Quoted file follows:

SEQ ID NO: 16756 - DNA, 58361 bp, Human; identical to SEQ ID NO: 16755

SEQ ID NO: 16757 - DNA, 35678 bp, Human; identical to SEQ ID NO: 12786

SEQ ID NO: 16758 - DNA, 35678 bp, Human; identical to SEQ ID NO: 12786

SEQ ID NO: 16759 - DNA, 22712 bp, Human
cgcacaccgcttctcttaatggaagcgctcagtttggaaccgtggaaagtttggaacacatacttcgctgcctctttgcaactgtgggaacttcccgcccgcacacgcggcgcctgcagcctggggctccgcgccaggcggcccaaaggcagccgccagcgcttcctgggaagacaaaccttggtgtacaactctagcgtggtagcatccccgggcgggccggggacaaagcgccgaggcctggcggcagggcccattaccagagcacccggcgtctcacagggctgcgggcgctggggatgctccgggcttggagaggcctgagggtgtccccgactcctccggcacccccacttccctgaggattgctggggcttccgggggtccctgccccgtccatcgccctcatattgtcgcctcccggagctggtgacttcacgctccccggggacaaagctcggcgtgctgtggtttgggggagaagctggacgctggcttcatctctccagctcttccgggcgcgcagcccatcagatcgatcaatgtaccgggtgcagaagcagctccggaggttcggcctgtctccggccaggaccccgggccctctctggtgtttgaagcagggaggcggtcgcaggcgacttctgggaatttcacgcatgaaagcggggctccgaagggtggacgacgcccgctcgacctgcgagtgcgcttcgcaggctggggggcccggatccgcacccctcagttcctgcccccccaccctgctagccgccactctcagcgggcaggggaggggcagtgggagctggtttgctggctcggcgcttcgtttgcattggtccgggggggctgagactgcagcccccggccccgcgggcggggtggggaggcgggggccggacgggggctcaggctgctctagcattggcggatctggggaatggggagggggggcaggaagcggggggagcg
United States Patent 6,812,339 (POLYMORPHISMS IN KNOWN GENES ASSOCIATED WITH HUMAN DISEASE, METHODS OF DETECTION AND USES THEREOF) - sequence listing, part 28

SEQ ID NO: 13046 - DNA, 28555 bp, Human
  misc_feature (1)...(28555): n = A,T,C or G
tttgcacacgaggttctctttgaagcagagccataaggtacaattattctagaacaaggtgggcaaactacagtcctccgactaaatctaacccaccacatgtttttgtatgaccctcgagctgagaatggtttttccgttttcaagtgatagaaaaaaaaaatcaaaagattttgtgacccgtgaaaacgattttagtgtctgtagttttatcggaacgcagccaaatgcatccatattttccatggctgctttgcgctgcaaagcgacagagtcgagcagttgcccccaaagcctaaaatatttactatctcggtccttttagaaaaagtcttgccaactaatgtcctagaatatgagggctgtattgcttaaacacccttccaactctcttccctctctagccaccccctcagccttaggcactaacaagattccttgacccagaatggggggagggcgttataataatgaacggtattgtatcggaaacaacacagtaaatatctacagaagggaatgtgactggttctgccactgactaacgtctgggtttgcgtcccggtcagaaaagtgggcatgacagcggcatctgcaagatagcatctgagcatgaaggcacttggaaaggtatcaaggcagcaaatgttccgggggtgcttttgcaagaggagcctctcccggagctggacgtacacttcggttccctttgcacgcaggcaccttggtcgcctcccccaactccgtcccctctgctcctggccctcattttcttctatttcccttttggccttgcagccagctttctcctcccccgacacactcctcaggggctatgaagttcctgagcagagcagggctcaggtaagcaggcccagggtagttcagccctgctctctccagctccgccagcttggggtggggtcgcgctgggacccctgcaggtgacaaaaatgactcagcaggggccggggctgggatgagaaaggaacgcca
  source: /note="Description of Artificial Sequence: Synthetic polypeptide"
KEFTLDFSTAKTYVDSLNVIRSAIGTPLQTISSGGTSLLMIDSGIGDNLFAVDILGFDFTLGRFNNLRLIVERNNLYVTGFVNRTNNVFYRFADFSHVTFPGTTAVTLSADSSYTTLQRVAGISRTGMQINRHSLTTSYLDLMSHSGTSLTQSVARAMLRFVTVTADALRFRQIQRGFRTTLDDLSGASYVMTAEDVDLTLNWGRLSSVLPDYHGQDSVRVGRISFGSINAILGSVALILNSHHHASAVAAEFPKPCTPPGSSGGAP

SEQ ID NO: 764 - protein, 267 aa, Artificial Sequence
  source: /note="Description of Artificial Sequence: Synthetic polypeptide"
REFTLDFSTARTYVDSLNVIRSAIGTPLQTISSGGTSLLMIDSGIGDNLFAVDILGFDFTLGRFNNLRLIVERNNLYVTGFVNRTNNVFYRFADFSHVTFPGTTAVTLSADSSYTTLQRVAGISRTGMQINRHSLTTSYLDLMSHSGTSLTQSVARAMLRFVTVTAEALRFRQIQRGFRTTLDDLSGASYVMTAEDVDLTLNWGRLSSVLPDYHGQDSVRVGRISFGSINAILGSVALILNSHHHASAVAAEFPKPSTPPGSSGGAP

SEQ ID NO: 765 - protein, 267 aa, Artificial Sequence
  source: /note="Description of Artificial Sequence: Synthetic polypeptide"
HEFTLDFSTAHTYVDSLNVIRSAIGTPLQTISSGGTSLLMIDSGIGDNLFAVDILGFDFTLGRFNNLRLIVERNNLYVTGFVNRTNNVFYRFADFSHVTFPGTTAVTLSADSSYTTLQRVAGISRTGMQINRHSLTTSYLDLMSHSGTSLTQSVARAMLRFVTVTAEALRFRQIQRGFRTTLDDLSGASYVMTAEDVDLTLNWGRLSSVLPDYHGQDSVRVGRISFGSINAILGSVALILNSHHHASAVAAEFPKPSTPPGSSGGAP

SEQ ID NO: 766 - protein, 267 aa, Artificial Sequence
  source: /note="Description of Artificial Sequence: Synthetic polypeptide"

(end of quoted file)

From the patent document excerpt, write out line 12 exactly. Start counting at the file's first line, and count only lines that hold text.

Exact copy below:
SEQ ID NO: 764 - protein, 267 aa, Artificial Sequence